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The Stone Roses: The Remixes


Download links and information about The Stone Roses: The Remixes by The Stone Roses. This album was released in 1989 and it belongs to Electronica, Rock, Indie Rock, Dancefloor, Pop, Dance Pop, Alternative genres. It contains 12 tracks with total duration of 01:09:18 minutes.

Artist: The Stone Roses
Release date: 1989
Genre: Electronica, Rock, Indie Rock, Dancefloor, Pop, Dance Pop, Alternative
Tracks: 12
Duration: 01:09:18
Buy on iTunes $9.99


No. Title Length
1. Shoot You Down (The Soul Hooligan Remix) 4:47
2. Fools Gold (Top Won Mix) 7:12
3. Made of Stone (808 State Mix) 4:58
4. Waterfall (12" Remix) 5:35
5. One Love (Utah Saints Remix) 5:01
6. I Wanna Be Adored (Bloody Valentine Edit) (featuring Rabbit In The Moon) 7:39
7. Fools Gold (Grooverider's Mix) 6:05
8. I Am the Resurrection (Jon Carter Remix) 7:02
9. Waterfall (Justin Robertson's Mix) (featuring Justin Robertson) 6:20
10. She Bangs the Drums (Elephant Remix) 6:18
11. Elizabeth My Dear (Kinobe Remix) 4:53
12. Elephant Stone (Mint Royale Remix) 3:28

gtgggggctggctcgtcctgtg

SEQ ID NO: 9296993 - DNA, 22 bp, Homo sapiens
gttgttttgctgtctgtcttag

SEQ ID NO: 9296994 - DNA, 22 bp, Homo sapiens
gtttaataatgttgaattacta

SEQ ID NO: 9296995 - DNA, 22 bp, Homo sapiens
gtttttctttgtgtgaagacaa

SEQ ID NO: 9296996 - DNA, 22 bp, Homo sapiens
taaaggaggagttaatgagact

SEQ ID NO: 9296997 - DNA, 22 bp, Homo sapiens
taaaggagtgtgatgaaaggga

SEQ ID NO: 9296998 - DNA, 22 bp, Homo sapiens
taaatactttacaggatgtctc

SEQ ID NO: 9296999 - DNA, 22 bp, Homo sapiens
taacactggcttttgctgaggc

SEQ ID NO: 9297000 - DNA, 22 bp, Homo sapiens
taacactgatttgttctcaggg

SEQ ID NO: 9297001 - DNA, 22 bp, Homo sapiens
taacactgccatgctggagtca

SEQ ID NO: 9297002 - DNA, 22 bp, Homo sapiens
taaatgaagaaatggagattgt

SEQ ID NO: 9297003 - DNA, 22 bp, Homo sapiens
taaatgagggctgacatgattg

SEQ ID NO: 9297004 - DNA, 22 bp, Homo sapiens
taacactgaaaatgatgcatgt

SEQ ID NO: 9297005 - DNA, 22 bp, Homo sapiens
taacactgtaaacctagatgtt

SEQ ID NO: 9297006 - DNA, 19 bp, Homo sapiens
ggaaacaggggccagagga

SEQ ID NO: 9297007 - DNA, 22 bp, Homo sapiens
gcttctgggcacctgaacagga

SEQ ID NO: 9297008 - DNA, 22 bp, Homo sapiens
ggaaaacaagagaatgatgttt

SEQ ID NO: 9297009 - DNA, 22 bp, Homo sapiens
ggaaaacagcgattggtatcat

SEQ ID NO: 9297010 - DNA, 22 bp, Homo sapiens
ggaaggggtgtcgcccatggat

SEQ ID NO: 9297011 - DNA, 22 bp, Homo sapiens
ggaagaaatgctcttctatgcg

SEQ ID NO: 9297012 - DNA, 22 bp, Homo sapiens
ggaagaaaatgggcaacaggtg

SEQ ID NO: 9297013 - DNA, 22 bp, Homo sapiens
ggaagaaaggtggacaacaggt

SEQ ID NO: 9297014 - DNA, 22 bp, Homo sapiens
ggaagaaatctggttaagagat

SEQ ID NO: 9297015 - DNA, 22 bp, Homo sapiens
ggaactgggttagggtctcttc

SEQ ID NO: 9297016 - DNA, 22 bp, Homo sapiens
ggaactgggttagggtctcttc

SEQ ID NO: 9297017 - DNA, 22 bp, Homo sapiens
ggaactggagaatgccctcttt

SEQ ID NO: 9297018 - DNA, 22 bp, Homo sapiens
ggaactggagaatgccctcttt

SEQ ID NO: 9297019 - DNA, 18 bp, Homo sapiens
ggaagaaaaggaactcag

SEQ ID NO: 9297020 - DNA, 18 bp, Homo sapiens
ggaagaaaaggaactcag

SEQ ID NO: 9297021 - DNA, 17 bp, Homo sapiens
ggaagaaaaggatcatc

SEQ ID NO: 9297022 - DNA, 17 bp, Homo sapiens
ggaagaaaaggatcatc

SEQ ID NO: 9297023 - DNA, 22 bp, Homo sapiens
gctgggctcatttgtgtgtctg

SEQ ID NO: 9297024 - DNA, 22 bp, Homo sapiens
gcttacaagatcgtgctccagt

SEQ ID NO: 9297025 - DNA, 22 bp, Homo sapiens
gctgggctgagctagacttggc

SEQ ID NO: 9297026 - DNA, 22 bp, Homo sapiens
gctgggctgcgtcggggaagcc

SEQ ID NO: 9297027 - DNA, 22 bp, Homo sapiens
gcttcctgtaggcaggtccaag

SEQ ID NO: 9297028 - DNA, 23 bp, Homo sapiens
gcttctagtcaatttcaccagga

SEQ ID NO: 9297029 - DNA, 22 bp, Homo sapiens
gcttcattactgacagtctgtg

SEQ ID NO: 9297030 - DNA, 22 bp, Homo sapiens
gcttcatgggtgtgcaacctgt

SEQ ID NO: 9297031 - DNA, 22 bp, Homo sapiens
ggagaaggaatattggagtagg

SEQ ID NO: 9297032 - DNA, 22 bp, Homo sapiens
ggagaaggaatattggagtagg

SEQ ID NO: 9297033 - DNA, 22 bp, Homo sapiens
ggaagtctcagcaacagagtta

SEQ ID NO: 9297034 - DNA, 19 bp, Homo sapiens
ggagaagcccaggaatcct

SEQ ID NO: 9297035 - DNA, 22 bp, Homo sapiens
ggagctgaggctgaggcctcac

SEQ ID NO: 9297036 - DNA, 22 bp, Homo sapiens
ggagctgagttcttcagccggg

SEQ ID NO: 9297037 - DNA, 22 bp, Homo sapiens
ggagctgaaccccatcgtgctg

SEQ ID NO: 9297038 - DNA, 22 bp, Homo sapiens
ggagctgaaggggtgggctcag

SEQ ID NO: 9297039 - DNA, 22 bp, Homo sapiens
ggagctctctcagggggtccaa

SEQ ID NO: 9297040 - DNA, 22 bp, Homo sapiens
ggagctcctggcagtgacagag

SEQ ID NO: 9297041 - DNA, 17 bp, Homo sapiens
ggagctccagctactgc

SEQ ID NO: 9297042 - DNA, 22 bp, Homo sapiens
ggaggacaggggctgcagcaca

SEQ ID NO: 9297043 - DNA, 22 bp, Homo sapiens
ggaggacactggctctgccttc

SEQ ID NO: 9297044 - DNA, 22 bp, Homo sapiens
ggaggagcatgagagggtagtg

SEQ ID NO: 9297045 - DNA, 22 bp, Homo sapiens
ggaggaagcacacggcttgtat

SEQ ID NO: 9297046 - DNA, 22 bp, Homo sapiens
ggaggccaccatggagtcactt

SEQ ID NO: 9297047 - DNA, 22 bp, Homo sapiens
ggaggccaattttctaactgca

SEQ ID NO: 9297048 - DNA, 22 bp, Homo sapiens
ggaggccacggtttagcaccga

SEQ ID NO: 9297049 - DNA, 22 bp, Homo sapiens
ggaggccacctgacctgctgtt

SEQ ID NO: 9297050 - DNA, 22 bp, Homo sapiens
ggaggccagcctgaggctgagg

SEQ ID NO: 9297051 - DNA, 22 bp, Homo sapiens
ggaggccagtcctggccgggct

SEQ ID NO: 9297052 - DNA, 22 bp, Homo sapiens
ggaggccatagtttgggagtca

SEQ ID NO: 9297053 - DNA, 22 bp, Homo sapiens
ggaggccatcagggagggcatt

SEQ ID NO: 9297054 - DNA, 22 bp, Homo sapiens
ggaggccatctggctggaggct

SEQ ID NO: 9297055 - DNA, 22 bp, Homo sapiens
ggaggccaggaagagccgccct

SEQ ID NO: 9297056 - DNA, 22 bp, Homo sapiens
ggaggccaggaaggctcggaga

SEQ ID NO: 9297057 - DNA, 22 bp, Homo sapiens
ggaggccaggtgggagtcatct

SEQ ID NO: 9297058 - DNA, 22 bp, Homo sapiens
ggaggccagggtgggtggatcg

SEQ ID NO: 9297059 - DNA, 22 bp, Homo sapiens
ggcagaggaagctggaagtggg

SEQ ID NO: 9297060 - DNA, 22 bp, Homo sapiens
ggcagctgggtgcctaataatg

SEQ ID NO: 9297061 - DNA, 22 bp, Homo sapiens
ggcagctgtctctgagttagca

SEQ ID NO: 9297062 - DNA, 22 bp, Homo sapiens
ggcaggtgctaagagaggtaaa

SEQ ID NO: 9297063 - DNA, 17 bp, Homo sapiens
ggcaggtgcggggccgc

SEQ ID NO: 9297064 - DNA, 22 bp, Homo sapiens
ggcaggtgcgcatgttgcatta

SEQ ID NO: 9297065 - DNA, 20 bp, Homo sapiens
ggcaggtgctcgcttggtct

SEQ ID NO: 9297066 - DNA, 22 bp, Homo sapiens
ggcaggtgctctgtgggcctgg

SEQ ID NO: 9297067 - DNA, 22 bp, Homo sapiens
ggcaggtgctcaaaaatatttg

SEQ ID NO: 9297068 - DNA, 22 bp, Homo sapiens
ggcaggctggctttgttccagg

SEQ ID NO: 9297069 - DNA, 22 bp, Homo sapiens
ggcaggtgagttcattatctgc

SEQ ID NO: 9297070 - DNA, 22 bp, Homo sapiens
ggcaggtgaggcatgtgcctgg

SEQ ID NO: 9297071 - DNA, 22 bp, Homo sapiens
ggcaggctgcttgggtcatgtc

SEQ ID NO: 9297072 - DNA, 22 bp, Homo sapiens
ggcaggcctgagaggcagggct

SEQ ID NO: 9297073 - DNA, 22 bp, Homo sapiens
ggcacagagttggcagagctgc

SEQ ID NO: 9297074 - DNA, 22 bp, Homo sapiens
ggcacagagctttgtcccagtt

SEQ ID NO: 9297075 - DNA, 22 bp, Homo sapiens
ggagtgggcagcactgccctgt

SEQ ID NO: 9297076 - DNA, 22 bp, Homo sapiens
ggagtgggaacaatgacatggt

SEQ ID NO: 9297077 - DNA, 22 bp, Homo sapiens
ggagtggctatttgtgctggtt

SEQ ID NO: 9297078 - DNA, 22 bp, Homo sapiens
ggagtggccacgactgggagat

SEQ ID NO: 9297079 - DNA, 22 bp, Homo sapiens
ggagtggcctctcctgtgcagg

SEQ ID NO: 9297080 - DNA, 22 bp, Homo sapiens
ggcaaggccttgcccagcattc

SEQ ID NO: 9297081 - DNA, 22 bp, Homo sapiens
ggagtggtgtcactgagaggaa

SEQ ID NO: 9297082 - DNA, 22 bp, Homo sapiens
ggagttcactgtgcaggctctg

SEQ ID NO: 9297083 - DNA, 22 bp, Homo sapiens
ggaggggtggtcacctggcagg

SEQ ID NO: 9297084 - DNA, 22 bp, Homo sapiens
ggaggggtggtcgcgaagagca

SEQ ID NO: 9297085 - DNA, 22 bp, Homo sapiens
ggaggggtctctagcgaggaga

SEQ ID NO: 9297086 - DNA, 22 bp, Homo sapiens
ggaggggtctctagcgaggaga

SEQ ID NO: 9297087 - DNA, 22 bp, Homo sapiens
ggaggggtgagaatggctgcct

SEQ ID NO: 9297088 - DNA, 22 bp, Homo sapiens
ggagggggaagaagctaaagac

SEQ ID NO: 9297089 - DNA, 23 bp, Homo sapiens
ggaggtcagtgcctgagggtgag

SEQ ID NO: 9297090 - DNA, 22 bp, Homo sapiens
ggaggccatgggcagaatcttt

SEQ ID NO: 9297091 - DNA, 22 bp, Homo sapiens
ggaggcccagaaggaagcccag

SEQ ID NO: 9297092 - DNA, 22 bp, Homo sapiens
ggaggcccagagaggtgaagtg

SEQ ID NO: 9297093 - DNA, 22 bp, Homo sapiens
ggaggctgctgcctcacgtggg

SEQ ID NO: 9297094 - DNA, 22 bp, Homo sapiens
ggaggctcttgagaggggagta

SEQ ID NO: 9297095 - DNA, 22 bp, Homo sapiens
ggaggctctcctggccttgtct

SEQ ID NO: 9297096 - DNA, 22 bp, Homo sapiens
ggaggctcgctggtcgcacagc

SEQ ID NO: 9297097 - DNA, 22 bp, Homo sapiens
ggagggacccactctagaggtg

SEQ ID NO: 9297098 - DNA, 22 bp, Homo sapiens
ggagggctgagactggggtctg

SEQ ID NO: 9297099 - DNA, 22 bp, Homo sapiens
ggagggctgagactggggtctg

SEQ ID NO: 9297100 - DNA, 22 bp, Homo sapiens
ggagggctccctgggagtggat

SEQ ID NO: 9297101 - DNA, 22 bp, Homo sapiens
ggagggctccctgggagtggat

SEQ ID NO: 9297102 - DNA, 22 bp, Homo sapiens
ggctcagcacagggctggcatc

Since the Stone Roses were the nominal leaders of Britain's "Madchester" scene — an indie rock phenomenon that fused guitar pop with drug-fueled rave and dance culture — it's rather ironic that their eponymous debut only hints at dance music. What made the Stone Roses important was how they welcomed dance and pop together, treating them as if they were the same beast. Equally important was the Roses' cool, detached arrogance, which was personified by Ian Brown's nonchalant vocals. Brown's effortless malevolence is brought to life with songs that equal both his sentiments and his voice — "I Wanna Be Adored," with its creeping bassline and waves of cool guitar hooks, doesn't demand adoration, it just expects it. Similarly, Brown can claim "I Am the Resurrection" and lie back, as if there were no room for debate. But the key to The Stone Roses is John Squire's layers of simple, exceedingly catchy hooks and how the rhythm section of Reni and Mani always imply dance rhythms without overtly going into the disco. On "She Bangs the Drums" and "Elephant Stone," the hooks wind into the rhythm inseparably — the '60s hooks and the rolling beats manage to convey the colorful, neo-psychedelic world of acid house. Squire's riffs are bright and catchy, recalling the British Invasion while suggesting the future with their phased, echoey effects. The Stone Roses was a two-fold revolution — it brought dance music to an audience that was previously obsessed with droning guitars, while it revived the concept of classic pop songwriting, and the repercussions of its achievement could be heard throughout the '90s, even if the Stone Roses could never achieve this level of achievement again.